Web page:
House Speaker Nancy Pelsoi unveiled a sweeping plan Thursday to lower the price of prescription drugs.
She and fellow House Democratic leaders have been working for months on a plan to reduce U.S. drug prices. The main thrust of the plan will allow Medicare to negotiate lower prices on as many as 250 of the most expensive drugs, including insulin, per year and apply those discounts to private health plans across the U.S, according to a legislative summary distributed to lawmakers.
The plan will also establish an international pricing index that is supposed to bring drug prices in line with what other nations pay and penalize pharmaceuticals companies that refuse to negotiate with the government or fail to reach any drug pricing agreement. The penalty will start at 65% of the gross sales of the drug in question and increase by 10% each quarter the manufacturer doesn't reach an agreement, according to the summary.
Pelosi's proposal also will:
Pelosi and other House leaders discussed the proposal at a press conference in Washington later Thursday.
"The status quo on prescription drug prices is broken," House leaders say in the summary. "Prescription drug companies are charging Americans prices that are three, four, or even ten times higher than what they charge for the same drugs in other countries."
The Pharmaceutical Research and Manufacturers of America, called PhRMA, the industry's main trade group, opposed the plan, saying it gives "the federal government unprecedented, sweeping authority to set medicine prices in public and private markets while importing price controls from other countries that restrict access to innovative medicines."
"Speaker Pelosi's radical plan would end the current market-based system that has made the United States the global leader in developing innovative, lifesaving treatments and cures," PhRMA President and CEO Stephen J. Ubl said in a statement.
Current rules prohibit the Department of Health and Human Services from negotiating drug prices on behalf of Medicare — the federal government's health insurance plan for the elderly. Private insurers use pharmacy benefit managers to negotiate drug rebates from pharmaceutical manufacturers in exchange for better coverage. The rebates often get paid to the PBMs or insurance companies, although insurers say consumers benefit from lower copays and premiums.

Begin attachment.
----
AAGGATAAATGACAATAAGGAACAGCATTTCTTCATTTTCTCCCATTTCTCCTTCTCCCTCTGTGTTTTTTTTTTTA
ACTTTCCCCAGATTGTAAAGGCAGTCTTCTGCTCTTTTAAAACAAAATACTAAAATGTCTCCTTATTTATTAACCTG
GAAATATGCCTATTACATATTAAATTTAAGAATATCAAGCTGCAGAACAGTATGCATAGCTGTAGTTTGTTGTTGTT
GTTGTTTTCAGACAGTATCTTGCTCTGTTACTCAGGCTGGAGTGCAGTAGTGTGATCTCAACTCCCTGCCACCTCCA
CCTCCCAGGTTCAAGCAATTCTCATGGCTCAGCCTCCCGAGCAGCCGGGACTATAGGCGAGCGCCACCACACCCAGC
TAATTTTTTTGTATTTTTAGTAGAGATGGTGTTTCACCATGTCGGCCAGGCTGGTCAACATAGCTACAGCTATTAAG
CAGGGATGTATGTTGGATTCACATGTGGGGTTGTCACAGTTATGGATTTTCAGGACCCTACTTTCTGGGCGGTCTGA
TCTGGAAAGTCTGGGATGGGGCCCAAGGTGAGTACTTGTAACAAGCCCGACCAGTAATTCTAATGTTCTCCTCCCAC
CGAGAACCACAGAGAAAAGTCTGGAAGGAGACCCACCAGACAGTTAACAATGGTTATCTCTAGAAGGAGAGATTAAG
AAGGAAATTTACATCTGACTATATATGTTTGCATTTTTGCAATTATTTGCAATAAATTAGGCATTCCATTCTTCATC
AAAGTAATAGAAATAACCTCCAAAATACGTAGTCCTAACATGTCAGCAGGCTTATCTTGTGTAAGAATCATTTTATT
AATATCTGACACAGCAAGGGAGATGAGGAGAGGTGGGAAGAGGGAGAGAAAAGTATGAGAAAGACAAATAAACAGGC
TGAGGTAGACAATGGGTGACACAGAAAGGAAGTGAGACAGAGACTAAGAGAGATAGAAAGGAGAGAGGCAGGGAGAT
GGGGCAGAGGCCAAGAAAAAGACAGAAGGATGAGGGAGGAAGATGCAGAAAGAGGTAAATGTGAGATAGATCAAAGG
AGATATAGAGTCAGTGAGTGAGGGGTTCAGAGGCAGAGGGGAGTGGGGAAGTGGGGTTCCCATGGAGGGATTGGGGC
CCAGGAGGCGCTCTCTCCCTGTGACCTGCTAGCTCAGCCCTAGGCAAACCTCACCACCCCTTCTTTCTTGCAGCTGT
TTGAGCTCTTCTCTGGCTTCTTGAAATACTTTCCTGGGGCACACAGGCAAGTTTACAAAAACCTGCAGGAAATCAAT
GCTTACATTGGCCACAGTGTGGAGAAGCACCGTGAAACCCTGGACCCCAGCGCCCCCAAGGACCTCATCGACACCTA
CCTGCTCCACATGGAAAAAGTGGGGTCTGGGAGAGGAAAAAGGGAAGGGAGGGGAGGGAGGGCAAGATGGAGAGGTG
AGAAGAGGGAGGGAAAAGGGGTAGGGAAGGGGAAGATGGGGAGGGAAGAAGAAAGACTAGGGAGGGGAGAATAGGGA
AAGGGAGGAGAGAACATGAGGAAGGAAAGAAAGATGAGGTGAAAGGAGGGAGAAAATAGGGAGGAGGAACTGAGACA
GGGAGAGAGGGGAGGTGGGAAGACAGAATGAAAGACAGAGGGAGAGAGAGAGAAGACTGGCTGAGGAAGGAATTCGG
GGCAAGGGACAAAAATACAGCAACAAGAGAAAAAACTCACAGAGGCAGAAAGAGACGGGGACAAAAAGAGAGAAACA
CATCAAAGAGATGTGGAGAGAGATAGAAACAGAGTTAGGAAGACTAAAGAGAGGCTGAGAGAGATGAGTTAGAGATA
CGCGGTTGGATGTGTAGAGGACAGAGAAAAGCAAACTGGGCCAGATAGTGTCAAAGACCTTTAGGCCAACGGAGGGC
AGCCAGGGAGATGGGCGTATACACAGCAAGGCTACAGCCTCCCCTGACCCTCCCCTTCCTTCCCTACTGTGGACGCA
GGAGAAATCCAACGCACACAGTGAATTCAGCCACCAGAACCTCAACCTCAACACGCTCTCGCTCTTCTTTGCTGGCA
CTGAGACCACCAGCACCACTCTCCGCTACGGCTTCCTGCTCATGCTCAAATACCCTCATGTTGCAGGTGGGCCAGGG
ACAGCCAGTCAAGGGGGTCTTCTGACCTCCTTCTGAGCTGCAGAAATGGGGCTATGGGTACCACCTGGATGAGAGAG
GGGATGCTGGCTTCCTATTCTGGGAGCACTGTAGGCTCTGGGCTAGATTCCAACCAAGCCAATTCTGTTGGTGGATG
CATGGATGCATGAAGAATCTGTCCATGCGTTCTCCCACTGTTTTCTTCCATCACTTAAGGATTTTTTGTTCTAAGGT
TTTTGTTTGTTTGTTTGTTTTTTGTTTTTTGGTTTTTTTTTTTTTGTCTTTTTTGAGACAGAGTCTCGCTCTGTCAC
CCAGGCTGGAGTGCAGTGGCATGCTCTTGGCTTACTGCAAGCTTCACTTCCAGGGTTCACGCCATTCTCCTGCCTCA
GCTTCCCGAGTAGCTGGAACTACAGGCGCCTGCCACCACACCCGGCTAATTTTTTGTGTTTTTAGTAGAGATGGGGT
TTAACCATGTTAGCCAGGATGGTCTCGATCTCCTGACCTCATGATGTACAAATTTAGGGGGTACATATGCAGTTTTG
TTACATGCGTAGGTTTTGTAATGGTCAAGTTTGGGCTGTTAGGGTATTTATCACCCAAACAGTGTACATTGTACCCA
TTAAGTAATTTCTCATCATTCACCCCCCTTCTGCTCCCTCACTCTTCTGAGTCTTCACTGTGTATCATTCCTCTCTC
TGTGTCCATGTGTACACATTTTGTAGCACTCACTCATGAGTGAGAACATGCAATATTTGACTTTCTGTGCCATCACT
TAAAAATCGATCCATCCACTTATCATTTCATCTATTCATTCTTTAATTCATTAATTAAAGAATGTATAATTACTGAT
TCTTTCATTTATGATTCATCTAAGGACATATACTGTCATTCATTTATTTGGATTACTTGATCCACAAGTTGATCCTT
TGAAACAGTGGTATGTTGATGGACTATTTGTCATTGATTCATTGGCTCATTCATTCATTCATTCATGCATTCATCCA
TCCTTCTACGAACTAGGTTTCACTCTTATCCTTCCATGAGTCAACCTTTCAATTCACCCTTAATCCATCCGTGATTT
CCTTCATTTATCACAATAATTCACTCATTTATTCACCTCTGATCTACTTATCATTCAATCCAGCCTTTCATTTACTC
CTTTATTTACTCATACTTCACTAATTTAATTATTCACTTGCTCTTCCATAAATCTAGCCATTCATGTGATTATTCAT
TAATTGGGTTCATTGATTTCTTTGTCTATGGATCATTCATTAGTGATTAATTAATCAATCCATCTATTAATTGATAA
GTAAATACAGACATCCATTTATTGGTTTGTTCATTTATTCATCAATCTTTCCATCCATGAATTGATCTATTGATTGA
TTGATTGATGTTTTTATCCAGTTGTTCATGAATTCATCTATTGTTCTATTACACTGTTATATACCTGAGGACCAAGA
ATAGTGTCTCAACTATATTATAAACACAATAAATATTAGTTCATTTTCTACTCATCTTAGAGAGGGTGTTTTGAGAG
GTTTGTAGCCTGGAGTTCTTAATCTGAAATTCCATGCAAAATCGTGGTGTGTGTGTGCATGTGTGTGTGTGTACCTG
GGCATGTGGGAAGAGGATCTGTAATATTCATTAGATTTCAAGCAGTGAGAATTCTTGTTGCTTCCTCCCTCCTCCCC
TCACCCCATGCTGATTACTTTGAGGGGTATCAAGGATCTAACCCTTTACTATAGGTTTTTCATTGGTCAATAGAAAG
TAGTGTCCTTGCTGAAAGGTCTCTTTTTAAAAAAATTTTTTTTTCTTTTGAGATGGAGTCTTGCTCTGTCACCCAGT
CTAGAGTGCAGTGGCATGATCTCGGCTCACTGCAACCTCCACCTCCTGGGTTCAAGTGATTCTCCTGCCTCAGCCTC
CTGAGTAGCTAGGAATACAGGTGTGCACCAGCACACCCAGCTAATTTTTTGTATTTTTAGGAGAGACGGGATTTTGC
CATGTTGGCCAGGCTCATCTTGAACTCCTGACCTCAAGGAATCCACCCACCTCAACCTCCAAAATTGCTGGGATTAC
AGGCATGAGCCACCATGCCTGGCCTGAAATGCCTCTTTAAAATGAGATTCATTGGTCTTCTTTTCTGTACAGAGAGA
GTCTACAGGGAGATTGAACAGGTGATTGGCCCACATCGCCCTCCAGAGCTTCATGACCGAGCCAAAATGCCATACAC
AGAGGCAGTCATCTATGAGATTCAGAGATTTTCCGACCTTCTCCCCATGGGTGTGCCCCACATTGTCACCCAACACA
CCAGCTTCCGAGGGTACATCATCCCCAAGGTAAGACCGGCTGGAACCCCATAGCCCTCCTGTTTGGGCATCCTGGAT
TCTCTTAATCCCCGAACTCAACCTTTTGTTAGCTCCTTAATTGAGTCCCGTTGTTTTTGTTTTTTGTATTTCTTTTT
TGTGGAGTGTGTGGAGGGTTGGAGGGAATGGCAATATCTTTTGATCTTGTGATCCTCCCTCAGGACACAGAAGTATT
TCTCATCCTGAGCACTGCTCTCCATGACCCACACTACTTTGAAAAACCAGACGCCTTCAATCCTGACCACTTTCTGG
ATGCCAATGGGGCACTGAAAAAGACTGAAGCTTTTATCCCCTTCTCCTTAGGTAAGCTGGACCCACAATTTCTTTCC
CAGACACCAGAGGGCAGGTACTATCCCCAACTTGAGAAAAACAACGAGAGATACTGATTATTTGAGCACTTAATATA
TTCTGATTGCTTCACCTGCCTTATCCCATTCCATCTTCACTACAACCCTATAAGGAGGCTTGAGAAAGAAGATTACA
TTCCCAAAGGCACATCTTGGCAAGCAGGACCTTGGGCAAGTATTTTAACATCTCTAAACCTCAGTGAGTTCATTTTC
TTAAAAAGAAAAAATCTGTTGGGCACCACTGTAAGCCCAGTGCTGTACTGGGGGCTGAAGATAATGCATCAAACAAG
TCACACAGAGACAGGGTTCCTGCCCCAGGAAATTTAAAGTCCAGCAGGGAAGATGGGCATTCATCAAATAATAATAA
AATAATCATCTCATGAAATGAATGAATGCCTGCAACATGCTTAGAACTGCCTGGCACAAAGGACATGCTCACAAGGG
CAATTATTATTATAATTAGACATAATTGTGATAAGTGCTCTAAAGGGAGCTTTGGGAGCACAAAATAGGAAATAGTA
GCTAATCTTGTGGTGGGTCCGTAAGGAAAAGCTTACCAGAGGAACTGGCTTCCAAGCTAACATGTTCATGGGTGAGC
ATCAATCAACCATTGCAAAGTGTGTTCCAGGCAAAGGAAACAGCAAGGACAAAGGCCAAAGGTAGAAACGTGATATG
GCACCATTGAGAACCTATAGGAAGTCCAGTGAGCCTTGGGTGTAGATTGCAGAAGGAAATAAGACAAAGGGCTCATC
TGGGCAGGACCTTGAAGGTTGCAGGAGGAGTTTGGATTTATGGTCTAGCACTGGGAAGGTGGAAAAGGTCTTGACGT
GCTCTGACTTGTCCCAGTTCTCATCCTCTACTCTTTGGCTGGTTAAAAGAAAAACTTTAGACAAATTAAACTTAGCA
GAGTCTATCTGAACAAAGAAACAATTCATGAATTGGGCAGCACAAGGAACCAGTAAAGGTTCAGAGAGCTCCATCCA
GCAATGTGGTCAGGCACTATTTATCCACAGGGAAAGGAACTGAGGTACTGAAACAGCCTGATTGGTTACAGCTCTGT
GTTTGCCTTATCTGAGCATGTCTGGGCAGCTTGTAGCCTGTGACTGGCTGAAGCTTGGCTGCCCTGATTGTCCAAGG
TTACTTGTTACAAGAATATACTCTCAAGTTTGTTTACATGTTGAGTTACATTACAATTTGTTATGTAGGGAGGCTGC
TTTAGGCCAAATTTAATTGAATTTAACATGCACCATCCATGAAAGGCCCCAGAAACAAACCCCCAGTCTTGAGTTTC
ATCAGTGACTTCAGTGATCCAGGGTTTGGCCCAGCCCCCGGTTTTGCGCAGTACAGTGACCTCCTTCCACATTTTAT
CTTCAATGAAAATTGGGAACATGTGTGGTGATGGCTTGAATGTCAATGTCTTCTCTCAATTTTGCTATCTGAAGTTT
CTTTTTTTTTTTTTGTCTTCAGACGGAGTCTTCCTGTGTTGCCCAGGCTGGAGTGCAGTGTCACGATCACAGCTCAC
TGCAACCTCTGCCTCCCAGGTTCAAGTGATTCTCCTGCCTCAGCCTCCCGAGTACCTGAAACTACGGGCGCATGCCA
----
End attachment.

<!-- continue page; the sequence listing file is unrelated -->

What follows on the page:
High prescription drug costs have become a rare bipartisan issue, with lawmakers on both sides of the aisle demanding changes. Congress and the Trump administration are trying to pass legislation before the end of the year that would bring more transparency to health-care costs and, ultimately, lower costs for consumers.
Pelosi's plan, which has been described as left-leaning, is likely to get pushback among Republicans who say they want prices negotiated in a free market.
"In this case, there is a monopoly and the government needs to intervene," said Gerard Anderson, professor of health policy and management at Johns Hopkins University. "Setting the maximum price at an international standard and then negotiating is a sensible approach".
Another plan, from the Senate Finance Committee and backed by President Donald Trump, would also make changes to Medicare and include a penalty for pharmaceutical companies that raise drug prices faster than inflation. The plan, which lawmakers see as a "middle ground" approach to drug prices, received pushback from Republicans who argued the penalty rule was an excessive government intervention.
The legislation is expected to move through House committees to a vote on the floor.
Pharmaceutical giants Pfizer, Merck and Eli Lilly were all up about 1% in midmorning trading Thursday. The SPDR S&P Pharmaceuticals index, which tracks drug stocks, was up less than 1%.